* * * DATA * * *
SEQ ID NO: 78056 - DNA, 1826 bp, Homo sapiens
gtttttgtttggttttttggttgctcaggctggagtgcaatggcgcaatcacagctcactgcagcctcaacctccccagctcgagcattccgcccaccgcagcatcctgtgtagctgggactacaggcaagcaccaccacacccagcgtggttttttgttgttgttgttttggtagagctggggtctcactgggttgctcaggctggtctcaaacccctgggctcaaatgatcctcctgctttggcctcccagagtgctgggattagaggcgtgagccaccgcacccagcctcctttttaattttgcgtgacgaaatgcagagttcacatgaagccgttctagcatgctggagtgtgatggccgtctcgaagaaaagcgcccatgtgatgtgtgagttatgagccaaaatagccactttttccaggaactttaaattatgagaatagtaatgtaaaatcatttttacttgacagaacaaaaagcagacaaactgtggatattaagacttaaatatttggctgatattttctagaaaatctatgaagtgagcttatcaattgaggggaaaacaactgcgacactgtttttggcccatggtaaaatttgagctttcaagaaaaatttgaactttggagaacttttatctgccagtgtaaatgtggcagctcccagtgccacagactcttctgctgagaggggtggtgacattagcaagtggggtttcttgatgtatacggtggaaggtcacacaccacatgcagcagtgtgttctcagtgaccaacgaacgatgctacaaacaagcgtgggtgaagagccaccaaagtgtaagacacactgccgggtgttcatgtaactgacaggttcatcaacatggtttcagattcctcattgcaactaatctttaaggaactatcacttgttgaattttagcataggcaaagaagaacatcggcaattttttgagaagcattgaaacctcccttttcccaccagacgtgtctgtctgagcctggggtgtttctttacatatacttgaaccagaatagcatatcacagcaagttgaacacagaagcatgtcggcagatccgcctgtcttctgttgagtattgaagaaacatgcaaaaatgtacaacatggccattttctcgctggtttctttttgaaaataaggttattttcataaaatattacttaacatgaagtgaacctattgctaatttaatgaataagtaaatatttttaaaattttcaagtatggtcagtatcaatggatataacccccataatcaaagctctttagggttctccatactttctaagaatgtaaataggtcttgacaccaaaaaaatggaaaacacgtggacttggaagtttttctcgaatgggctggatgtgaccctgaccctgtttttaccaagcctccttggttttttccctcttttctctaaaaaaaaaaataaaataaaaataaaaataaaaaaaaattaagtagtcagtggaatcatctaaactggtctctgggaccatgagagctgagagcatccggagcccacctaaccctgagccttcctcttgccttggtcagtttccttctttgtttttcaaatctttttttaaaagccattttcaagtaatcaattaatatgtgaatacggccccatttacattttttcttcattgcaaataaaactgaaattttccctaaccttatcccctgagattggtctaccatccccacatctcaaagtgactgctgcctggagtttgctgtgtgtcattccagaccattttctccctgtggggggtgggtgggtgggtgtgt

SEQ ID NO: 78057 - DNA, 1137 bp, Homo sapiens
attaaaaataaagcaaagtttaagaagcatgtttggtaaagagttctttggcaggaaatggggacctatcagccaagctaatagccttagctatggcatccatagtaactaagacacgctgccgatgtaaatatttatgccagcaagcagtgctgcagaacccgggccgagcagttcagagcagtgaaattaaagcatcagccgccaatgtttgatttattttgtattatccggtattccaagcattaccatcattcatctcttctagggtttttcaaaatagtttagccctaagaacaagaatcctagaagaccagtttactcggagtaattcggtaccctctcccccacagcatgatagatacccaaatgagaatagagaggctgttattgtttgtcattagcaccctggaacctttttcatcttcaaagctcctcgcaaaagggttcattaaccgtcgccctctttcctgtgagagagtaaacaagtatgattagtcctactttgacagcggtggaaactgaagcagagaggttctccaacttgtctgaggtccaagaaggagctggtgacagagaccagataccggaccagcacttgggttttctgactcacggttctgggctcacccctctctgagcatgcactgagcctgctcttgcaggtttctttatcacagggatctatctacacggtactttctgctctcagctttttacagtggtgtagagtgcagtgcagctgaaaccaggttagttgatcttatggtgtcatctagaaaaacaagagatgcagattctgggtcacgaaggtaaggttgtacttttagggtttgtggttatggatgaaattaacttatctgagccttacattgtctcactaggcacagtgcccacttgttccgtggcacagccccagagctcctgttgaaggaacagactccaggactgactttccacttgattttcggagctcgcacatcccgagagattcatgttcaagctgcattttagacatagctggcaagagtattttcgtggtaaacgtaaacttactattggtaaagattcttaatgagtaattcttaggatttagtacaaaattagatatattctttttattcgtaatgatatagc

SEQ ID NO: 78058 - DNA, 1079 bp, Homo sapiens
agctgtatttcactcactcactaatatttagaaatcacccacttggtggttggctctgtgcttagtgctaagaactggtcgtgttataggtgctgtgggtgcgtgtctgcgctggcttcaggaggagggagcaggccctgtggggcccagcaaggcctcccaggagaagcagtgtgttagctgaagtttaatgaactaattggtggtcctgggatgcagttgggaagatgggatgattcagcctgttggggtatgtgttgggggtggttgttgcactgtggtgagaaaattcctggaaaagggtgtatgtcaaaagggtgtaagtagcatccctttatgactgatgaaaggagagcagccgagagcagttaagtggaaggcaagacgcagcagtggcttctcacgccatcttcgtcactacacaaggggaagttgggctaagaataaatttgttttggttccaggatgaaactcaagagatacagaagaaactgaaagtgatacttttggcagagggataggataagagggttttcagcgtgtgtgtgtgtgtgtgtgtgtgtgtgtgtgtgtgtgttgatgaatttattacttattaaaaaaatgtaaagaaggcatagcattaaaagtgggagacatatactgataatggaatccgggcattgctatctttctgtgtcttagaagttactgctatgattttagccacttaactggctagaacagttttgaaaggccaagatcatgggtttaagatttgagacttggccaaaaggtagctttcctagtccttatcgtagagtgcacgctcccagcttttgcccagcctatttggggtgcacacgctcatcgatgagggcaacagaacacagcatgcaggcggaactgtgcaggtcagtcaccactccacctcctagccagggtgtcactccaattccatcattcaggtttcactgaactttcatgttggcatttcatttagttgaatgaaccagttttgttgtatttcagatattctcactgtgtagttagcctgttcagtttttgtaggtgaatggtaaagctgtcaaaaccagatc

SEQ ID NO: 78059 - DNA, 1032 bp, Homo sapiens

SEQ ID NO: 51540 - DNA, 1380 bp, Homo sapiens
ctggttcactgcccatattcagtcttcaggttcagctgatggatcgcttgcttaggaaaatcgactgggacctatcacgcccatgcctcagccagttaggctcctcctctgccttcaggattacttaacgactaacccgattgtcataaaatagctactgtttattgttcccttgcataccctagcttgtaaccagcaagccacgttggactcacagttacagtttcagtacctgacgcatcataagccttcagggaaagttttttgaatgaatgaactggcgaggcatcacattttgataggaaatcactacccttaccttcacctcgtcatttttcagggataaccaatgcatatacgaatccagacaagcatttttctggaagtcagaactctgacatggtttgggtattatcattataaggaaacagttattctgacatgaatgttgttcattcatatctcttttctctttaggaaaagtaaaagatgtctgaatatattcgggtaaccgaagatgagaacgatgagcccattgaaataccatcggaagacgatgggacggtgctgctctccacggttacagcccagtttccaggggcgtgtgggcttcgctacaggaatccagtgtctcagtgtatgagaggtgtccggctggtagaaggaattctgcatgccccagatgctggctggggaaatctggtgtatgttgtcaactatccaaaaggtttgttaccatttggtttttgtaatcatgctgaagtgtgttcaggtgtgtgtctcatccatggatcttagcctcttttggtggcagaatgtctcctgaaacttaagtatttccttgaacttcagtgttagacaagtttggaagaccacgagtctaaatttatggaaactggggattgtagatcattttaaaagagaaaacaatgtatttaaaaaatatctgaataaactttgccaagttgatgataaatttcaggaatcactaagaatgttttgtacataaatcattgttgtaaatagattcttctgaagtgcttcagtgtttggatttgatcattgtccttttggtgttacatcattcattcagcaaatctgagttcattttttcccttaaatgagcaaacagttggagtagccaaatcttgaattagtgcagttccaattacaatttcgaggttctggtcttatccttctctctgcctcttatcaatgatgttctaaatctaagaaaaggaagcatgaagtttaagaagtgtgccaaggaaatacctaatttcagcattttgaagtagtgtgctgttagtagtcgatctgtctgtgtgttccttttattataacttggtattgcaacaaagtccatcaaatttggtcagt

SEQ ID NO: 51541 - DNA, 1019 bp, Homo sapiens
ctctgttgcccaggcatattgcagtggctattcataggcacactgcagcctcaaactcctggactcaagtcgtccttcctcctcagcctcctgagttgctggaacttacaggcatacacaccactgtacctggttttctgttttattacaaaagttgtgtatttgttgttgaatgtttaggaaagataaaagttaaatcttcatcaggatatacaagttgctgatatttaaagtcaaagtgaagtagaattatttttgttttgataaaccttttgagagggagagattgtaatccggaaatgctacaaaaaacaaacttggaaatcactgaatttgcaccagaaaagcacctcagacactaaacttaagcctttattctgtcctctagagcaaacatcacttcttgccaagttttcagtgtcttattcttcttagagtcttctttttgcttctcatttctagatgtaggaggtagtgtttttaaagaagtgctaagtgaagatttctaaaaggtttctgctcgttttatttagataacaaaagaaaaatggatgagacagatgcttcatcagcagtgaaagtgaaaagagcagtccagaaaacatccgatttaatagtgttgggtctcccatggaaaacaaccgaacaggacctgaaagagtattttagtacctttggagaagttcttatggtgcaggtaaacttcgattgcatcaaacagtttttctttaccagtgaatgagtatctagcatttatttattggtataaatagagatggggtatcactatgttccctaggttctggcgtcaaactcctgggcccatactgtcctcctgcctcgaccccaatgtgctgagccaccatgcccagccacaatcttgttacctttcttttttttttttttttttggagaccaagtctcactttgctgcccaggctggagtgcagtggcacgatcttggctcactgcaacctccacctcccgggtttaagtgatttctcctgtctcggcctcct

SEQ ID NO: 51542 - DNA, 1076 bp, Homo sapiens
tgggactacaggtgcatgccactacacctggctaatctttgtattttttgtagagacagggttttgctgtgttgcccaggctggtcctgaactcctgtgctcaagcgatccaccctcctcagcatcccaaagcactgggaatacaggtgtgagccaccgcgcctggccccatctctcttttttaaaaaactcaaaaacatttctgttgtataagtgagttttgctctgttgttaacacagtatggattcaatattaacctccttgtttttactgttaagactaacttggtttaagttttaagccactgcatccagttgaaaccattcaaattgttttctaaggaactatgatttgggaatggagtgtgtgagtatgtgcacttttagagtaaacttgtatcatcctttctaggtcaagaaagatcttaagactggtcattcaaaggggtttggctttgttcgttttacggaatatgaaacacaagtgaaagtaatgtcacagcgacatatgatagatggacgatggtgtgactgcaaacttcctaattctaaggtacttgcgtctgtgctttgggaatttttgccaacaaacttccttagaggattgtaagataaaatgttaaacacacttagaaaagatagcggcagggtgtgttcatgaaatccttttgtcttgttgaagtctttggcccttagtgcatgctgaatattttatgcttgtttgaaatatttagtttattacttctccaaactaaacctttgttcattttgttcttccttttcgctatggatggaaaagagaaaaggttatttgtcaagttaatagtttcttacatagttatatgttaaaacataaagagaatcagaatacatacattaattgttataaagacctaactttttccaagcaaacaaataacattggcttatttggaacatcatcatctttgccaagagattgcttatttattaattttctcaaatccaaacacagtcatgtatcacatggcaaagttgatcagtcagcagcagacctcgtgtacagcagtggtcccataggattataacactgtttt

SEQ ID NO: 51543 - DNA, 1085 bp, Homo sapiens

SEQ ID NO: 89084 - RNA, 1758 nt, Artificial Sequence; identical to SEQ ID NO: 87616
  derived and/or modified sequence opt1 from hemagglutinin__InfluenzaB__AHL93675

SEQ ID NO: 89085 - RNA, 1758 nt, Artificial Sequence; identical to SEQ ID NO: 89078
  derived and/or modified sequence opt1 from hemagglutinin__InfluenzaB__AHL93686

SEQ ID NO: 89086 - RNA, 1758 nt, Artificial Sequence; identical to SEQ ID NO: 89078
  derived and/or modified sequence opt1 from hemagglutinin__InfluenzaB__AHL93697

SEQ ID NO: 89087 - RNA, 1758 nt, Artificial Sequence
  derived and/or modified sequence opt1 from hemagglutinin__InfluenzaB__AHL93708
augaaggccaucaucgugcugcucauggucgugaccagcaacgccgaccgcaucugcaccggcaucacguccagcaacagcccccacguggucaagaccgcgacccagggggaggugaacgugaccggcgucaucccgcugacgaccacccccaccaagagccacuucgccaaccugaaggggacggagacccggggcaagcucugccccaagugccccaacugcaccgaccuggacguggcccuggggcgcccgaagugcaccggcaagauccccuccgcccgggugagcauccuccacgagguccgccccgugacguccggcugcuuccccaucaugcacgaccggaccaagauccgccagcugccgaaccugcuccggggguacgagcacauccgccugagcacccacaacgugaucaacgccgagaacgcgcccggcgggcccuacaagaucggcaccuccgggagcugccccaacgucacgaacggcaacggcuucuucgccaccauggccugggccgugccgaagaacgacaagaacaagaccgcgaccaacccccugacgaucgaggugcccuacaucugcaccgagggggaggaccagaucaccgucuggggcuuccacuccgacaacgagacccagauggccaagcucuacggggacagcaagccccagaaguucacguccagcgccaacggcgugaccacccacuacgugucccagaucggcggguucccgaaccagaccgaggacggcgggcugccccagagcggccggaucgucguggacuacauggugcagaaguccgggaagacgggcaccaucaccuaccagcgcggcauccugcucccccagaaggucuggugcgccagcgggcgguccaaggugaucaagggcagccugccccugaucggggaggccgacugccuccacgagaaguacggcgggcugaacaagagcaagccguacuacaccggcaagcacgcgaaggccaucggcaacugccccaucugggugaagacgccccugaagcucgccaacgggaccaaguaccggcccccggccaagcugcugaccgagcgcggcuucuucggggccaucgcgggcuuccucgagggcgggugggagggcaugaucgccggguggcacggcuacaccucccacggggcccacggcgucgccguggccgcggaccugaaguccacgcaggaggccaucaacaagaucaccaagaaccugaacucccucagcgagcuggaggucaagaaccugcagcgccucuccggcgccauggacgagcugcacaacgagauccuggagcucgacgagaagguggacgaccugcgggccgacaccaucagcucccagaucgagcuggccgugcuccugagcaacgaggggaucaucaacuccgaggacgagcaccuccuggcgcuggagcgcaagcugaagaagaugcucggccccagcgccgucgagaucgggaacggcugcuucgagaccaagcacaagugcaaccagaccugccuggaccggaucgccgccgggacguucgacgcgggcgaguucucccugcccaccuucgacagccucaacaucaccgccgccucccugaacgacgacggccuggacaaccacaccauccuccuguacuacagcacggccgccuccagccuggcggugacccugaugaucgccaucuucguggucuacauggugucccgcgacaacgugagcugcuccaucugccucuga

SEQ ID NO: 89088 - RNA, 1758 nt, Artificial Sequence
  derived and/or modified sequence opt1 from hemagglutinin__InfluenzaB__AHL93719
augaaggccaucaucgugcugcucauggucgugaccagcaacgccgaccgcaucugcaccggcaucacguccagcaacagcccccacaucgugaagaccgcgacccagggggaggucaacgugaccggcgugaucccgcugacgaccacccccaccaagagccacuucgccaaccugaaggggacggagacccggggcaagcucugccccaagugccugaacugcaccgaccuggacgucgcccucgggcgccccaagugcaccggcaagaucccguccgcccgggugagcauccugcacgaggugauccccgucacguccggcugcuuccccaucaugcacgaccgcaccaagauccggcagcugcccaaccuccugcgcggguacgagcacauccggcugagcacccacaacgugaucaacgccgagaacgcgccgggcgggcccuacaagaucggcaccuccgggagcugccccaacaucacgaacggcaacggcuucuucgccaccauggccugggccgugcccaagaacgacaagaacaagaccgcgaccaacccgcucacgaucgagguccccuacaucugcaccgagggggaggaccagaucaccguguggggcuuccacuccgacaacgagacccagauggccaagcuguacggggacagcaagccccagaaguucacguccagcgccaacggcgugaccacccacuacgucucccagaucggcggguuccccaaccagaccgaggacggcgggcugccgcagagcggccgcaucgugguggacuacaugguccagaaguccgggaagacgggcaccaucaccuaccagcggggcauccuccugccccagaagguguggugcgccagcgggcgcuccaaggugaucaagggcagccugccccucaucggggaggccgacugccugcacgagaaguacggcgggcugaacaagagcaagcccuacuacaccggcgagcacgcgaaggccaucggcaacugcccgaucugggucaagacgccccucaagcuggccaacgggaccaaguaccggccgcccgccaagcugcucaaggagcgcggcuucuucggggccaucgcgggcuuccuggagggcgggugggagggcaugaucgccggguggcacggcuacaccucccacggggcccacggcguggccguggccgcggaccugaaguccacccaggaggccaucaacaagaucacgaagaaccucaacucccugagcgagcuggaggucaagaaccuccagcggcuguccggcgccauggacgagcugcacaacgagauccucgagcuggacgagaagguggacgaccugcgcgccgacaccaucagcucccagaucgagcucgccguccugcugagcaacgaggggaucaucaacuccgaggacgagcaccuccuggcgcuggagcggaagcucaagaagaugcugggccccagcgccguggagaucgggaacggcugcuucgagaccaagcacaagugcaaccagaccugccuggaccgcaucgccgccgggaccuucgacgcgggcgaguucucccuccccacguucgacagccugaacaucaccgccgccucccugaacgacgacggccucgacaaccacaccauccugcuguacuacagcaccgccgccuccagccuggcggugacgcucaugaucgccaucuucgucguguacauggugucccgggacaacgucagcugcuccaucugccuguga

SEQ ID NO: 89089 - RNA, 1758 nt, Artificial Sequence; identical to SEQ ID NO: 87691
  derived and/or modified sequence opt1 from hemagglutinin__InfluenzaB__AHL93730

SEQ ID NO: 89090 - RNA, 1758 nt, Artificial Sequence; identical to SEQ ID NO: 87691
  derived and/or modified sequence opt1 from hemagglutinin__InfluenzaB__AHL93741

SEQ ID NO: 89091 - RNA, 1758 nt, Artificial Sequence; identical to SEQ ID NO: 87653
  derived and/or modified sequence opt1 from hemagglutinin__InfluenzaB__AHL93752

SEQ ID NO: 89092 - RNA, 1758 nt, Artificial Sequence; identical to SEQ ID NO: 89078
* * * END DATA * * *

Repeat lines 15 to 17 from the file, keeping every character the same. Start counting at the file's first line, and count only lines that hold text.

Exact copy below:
SEQ ID NO: 89084 - RNA, 1758 nt, Artificial Sequence; identical to SEQ ID NO: 87616
  derived and/or modified sequence opt1 from hemagglutinin__InfluenzaB__AHL93675

SEQ ID NO: 89085 - RNA, 1758 nt, Artificial Sequence; identical to SEQ ID NO: 89078